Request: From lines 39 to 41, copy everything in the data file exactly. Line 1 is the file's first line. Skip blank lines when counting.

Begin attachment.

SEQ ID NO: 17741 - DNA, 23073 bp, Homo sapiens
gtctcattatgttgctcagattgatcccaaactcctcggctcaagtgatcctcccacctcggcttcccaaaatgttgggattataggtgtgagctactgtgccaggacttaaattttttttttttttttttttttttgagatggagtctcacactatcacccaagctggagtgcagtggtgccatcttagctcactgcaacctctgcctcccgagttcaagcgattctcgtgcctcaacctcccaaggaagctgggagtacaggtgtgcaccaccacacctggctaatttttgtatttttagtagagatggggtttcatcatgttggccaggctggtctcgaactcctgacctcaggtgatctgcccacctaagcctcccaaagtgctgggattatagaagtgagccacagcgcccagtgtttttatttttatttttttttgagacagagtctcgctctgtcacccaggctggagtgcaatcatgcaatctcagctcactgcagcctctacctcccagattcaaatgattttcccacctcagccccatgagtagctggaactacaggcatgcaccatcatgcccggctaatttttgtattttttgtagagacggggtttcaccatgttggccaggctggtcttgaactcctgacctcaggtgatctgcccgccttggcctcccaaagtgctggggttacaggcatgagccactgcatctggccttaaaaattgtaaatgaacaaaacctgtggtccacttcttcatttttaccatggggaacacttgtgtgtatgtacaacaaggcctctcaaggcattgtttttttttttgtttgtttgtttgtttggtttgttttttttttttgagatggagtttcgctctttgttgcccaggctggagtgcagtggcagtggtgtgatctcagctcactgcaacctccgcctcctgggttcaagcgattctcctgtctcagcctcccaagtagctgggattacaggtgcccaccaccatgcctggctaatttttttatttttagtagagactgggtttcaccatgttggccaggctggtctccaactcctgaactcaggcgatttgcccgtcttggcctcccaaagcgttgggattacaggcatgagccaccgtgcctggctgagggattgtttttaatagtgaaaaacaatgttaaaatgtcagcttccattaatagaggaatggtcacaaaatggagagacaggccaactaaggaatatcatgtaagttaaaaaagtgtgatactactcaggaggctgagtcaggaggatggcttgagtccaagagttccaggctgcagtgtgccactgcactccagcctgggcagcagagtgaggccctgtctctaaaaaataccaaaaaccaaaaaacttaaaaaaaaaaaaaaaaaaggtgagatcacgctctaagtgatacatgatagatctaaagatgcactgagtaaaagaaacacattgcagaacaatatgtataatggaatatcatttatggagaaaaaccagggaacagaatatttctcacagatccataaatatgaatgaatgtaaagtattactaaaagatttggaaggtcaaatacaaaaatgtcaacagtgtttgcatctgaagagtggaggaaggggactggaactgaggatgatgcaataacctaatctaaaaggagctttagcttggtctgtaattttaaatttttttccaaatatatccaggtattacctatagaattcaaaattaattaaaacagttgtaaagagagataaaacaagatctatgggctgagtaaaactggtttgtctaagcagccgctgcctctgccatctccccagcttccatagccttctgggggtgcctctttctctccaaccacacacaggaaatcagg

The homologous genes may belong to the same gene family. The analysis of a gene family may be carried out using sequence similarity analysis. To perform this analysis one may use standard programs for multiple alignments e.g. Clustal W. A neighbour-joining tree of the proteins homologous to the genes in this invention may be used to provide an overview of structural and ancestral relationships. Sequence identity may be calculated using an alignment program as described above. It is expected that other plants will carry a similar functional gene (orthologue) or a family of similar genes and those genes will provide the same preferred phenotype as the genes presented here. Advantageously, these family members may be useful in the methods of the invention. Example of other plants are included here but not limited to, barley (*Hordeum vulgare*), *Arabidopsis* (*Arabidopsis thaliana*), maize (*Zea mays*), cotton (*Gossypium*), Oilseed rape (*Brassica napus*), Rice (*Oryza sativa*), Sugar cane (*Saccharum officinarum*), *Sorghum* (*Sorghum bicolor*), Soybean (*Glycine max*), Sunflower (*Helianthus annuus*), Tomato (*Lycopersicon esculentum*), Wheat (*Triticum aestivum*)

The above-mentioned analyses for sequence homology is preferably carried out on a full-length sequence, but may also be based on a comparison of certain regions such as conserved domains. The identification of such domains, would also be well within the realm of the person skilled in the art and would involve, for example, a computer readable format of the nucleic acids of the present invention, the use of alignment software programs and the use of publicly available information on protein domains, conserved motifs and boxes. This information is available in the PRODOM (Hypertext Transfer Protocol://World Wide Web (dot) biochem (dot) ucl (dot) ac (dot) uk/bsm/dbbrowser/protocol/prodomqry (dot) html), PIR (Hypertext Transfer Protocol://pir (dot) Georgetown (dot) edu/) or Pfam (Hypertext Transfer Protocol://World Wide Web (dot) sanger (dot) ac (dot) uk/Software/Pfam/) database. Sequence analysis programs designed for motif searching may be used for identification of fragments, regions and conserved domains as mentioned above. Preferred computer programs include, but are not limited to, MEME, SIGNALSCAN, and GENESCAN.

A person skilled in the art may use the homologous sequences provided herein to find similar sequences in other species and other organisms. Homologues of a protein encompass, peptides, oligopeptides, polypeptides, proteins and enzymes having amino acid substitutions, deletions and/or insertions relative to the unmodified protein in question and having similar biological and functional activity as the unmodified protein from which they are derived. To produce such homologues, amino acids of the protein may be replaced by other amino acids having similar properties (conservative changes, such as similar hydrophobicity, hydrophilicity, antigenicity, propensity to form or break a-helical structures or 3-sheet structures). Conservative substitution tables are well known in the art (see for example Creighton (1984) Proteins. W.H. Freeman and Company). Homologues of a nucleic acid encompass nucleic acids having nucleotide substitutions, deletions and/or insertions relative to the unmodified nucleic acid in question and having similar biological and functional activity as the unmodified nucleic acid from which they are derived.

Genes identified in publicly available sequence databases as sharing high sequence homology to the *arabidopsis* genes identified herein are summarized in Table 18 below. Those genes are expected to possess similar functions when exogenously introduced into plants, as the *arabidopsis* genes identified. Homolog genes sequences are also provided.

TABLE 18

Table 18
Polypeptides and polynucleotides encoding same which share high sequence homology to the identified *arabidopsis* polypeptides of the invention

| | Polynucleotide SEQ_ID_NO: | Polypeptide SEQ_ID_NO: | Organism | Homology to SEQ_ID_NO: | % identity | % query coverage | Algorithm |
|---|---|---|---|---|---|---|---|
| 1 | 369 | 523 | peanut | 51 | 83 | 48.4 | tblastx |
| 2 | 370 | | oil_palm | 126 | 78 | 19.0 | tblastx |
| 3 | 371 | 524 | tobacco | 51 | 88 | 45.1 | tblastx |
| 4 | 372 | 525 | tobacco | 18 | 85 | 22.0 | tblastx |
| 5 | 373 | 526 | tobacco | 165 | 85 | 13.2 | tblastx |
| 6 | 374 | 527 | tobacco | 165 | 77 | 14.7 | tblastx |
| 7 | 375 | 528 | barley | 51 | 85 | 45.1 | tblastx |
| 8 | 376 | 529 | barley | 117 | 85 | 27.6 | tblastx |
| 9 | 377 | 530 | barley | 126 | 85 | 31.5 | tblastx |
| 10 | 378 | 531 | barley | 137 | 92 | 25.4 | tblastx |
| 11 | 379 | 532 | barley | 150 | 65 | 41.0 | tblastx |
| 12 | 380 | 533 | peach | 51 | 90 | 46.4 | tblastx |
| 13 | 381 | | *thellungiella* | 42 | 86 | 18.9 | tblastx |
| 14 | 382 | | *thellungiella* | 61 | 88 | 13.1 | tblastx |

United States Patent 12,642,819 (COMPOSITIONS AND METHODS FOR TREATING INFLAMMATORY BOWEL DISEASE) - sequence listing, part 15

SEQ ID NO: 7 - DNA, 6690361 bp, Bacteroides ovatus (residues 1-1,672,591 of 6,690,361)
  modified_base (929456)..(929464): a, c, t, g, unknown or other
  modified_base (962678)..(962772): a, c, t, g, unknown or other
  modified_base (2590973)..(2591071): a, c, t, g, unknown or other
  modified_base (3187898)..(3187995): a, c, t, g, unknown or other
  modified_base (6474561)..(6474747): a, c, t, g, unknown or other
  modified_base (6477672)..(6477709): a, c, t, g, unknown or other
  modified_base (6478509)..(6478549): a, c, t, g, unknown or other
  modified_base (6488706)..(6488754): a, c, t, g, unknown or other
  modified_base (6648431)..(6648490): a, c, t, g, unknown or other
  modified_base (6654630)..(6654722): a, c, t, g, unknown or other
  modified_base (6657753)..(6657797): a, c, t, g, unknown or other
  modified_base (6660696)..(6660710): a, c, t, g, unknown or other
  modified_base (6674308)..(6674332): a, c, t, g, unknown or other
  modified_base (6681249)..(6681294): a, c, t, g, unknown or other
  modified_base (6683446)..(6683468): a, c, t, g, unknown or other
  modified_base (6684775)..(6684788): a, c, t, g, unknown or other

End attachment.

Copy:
  modified_base (6660696)..(6660710): a, c, t, g, unknown or other
  modified_base (6674308)..(6674332): a, c, t, g, unknown or other
  modified_base (6681249)..(6681294): a, c, t, g, unknown or other